WASHINGTON — US taxpayers will pay $72 million to deploy active duty troops to the southern border with Mexico in order to fulfill President Donald Trump’s directive that the Pentagon reinforce border personnel readying for the arrival of Central American migrants.
The Pentagon said Tuesday the $72 million price tag covers the cost of deploying the approximately 5,900 active duty troops until December 15 and will increase the longer the troops are deployed.
Trump has said he will deploy as many as 15,000 troops if needed to push back against a group of migrants who are planning on asking for asylum. On Tuesday, Trump told reporters that the troops “are proud to be on the border. They are proud to be defending our nation. And we are not letting people in.”
Pentagon spokesman Col. Rob Manning said in a statement that “based on the current phased force laydown of approximately 5,900 Active Component personnel through December 15, 2018, the estimated cost to deploy, operate, sustain, and redeploy forces is approximately $72 million.”
“This estimate includes only those DoD forces and support requested and approved as of 19 November 2018,” he added.
A defense official told CNN that lawmakers on Capitol Hill have been briefed on the cost estimate.
According to the Pentagon’s estimate, which has been obtained by CNN, $19 million is to cover personnel costs, $20 million is for transportation costs, $28 million is for “operating expenses” and $5 million is for border fortification and barrier material.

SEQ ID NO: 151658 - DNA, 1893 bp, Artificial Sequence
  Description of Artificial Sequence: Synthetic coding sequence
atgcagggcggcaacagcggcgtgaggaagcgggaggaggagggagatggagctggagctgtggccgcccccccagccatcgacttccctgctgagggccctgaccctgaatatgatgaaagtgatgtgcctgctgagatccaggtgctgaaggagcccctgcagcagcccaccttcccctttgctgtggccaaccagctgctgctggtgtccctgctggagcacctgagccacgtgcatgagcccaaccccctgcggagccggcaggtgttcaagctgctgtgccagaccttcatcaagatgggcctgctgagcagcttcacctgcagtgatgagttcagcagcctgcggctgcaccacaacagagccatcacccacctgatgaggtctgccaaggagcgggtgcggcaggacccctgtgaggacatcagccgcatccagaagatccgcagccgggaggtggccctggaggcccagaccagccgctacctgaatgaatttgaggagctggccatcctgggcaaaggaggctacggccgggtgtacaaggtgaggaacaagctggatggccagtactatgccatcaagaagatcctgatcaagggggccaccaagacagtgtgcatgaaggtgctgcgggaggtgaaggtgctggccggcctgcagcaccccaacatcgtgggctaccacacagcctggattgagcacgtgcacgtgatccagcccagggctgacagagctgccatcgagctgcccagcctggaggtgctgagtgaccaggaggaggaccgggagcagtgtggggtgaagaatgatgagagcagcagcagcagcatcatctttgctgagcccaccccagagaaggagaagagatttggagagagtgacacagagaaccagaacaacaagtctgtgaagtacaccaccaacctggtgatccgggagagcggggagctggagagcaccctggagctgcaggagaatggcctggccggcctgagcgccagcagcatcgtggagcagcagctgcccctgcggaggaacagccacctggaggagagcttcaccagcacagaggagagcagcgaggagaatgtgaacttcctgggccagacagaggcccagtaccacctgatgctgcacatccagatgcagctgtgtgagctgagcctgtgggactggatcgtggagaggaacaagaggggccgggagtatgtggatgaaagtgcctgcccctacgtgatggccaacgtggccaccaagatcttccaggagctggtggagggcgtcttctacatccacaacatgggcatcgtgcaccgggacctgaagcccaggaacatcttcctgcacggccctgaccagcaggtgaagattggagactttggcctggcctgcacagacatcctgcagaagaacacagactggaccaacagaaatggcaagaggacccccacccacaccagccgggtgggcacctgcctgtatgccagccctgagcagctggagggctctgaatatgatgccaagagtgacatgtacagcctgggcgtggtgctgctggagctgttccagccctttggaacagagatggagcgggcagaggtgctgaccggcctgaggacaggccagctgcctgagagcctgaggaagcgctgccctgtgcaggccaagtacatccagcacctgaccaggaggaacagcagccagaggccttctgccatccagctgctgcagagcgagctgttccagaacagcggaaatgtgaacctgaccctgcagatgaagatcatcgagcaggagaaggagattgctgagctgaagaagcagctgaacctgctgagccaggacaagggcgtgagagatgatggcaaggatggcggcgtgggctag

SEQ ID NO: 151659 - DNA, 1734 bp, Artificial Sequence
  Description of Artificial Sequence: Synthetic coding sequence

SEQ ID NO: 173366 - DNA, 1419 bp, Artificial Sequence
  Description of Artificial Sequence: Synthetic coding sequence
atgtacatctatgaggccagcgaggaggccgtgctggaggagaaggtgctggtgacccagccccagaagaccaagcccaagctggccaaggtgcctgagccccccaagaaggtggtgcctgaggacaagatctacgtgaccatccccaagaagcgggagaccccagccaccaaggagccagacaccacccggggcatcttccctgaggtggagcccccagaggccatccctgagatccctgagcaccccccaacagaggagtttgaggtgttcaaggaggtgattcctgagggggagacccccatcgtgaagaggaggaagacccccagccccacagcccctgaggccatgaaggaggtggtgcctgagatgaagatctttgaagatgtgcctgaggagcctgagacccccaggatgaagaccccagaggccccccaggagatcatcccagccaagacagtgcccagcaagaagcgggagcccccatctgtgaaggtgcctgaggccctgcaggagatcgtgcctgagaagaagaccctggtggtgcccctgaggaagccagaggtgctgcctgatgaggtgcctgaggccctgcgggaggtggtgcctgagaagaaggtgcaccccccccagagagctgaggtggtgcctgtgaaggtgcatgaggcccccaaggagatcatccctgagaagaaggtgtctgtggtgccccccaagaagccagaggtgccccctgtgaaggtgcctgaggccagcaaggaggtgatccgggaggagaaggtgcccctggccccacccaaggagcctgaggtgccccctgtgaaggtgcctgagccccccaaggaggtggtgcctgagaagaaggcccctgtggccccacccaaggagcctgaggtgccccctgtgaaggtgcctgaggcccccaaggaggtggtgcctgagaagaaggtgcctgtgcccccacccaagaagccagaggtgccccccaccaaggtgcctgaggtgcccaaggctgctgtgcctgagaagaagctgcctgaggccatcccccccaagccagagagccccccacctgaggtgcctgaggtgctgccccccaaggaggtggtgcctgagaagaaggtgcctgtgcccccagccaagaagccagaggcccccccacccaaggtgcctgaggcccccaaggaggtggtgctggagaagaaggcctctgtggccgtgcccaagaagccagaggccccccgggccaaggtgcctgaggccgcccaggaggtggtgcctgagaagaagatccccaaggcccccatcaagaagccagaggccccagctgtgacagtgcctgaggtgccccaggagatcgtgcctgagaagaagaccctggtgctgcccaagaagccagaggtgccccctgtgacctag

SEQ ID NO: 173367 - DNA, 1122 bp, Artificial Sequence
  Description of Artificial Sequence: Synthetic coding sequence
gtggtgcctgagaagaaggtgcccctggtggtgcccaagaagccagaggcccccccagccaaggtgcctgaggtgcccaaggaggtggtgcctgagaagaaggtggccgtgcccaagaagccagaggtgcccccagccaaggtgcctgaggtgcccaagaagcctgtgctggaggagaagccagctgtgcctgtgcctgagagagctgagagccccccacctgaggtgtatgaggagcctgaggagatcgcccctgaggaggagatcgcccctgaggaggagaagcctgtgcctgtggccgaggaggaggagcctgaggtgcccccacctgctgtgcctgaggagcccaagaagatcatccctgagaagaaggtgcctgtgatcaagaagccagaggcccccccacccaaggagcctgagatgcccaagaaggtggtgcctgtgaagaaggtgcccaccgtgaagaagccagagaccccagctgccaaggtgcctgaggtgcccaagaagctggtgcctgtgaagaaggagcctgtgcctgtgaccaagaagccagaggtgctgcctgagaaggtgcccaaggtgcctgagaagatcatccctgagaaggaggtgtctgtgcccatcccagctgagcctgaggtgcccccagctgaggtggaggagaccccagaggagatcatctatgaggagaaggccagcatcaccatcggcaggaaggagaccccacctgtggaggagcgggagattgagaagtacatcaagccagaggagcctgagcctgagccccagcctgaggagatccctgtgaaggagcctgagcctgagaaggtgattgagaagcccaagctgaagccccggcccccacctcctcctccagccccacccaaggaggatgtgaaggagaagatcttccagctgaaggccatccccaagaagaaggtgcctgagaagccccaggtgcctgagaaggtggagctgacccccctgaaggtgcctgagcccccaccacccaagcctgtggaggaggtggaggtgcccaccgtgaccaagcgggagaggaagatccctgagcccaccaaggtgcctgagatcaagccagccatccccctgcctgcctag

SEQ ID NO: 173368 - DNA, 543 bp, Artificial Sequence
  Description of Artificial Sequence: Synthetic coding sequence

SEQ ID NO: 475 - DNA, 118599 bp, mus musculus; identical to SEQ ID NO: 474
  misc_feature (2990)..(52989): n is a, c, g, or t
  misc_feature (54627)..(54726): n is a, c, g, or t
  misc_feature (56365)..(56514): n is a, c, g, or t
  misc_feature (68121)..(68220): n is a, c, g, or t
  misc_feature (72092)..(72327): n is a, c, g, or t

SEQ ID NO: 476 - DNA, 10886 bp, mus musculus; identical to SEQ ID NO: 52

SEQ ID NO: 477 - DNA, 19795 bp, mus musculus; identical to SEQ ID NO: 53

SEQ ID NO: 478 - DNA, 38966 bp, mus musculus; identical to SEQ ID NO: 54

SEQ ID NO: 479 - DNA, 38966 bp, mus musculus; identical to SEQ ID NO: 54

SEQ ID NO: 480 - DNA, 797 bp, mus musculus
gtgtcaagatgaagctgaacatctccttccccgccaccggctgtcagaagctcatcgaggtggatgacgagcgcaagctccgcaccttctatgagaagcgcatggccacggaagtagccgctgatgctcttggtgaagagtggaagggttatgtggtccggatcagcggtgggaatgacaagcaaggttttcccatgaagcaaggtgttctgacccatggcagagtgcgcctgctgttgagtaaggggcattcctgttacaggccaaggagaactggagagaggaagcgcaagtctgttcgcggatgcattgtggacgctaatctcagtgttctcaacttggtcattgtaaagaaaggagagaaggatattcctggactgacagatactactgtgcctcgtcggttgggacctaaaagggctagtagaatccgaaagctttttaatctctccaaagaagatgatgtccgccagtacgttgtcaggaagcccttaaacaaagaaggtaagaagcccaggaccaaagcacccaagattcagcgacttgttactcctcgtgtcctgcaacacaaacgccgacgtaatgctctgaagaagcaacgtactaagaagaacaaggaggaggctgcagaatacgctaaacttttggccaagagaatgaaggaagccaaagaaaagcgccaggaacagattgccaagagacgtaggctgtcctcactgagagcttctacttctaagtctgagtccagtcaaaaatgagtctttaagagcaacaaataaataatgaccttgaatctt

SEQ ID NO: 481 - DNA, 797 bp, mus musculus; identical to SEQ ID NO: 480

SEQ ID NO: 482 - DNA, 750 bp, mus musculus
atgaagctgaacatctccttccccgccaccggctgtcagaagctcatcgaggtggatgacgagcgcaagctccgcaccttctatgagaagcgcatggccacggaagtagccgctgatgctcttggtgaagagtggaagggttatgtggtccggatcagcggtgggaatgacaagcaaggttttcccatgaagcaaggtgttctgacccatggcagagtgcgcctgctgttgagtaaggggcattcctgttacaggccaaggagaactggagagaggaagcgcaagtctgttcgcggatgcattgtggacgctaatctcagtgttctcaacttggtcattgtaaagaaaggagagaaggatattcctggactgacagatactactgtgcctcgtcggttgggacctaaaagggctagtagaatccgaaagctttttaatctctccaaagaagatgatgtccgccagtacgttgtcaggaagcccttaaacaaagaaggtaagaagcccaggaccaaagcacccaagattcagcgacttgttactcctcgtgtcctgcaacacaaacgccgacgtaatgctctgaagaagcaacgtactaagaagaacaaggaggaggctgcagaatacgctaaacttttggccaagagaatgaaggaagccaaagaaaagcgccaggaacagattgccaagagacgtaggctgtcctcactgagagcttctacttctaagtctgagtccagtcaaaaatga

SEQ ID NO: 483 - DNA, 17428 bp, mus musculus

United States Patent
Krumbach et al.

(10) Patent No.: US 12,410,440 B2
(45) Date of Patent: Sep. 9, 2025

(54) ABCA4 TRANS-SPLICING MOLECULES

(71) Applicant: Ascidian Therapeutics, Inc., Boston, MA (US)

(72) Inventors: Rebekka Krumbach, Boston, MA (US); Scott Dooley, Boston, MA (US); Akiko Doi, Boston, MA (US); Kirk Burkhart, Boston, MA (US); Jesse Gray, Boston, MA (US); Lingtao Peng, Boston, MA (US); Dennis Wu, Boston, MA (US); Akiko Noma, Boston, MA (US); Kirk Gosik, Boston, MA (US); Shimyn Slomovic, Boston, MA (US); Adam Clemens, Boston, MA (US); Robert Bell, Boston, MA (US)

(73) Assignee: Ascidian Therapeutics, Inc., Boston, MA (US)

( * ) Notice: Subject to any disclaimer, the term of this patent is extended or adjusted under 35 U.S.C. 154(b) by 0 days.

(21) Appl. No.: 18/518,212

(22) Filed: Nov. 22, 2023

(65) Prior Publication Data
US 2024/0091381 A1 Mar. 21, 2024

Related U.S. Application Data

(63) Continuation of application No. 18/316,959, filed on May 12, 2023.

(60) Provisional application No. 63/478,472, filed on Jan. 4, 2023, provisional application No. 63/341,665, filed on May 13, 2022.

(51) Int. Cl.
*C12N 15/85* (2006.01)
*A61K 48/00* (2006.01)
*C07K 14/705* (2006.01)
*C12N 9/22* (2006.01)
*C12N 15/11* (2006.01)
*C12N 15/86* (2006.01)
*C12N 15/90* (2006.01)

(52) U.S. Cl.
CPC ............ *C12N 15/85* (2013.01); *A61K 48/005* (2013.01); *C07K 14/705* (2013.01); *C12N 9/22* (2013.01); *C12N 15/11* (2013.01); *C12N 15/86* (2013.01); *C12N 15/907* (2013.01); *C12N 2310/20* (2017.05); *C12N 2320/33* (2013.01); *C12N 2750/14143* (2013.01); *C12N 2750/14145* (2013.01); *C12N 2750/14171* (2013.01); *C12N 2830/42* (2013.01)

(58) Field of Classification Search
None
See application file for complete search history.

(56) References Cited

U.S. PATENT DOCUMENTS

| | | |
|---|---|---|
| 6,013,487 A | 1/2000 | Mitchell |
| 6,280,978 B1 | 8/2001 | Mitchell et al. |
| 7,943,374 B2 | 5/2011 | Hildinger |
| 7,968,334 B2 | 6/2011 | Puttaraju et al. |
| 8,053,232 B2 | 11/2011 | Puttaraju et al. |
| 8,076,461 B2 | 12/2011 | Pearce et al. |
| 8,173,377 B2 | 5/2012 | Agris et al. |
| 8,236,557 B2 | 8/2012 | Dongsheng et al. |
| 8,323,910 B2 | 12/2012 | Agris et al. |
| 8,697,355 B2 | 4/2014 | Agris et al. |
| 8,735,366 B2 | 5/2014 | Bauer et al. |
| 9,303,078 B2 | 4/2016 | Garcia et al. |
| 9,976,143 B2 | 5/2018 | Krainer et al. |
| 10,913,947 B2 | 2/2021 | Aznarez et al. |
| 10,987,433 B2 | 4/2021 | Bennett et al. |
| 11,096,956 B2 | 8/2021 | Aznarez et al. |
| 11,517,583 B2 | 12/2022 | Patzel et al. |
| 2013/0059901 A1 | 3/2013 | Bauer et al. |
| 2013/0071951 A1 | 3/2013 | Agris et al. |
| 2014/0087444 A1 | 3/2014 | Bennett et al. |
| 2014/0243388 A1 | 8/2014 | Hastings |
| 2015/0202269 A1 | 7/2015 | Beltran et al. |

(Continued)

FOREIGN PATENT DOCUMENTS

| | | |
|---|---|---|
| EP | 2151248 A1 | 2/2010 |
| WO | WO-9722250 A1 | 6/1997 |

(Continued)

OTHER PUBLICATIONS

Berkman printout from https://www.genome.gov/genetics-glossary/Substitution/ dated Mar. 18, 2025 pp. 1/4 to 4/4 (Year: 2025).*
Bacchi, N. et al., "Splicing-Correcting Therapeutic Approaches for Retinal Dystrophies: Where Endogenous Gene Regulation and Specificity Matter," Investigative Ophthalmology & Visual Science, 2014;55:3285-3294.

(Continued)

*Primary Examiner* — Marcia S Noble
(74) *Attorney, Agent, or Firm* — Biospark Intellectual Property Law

Manning said Monday that 11,426 meters of wire obstacles had been placed in Texas, 2,714 meters had been put up in Arizona and 4,145 meters had been erected in California.
The $72 million estimate does not cover the cost of the National Guard deployment that Trump previously ordered to help protect the southern border. The Pentagon estimates that the cost of that deployment, which includes some 2,100 National Guard personnel and 17 aircraft, is $138 million to date.
Of the 5,900 active duty troops assigned to the mission approximately 2,800 in Texas, 1,500 in Arizona and 1,500 in California.
Earlier on Tuesday, US Northern Command, which is overseeing the border mission, issued a statement saying they “are continually assessing our resources and refining requirements in close coordination with the Department of Homeland Security.”
“We may shift some forces to other areas of the border to engineering support missions in California and other areas. No specific timeline for redeployment has been determined. We will provide more details as they become available,” the statement added.
Under the current plan, the border mission is scheduled to end December 15th. Military officials have previously indicated that troops involved in building bases and other infrastructure could be coming home before that.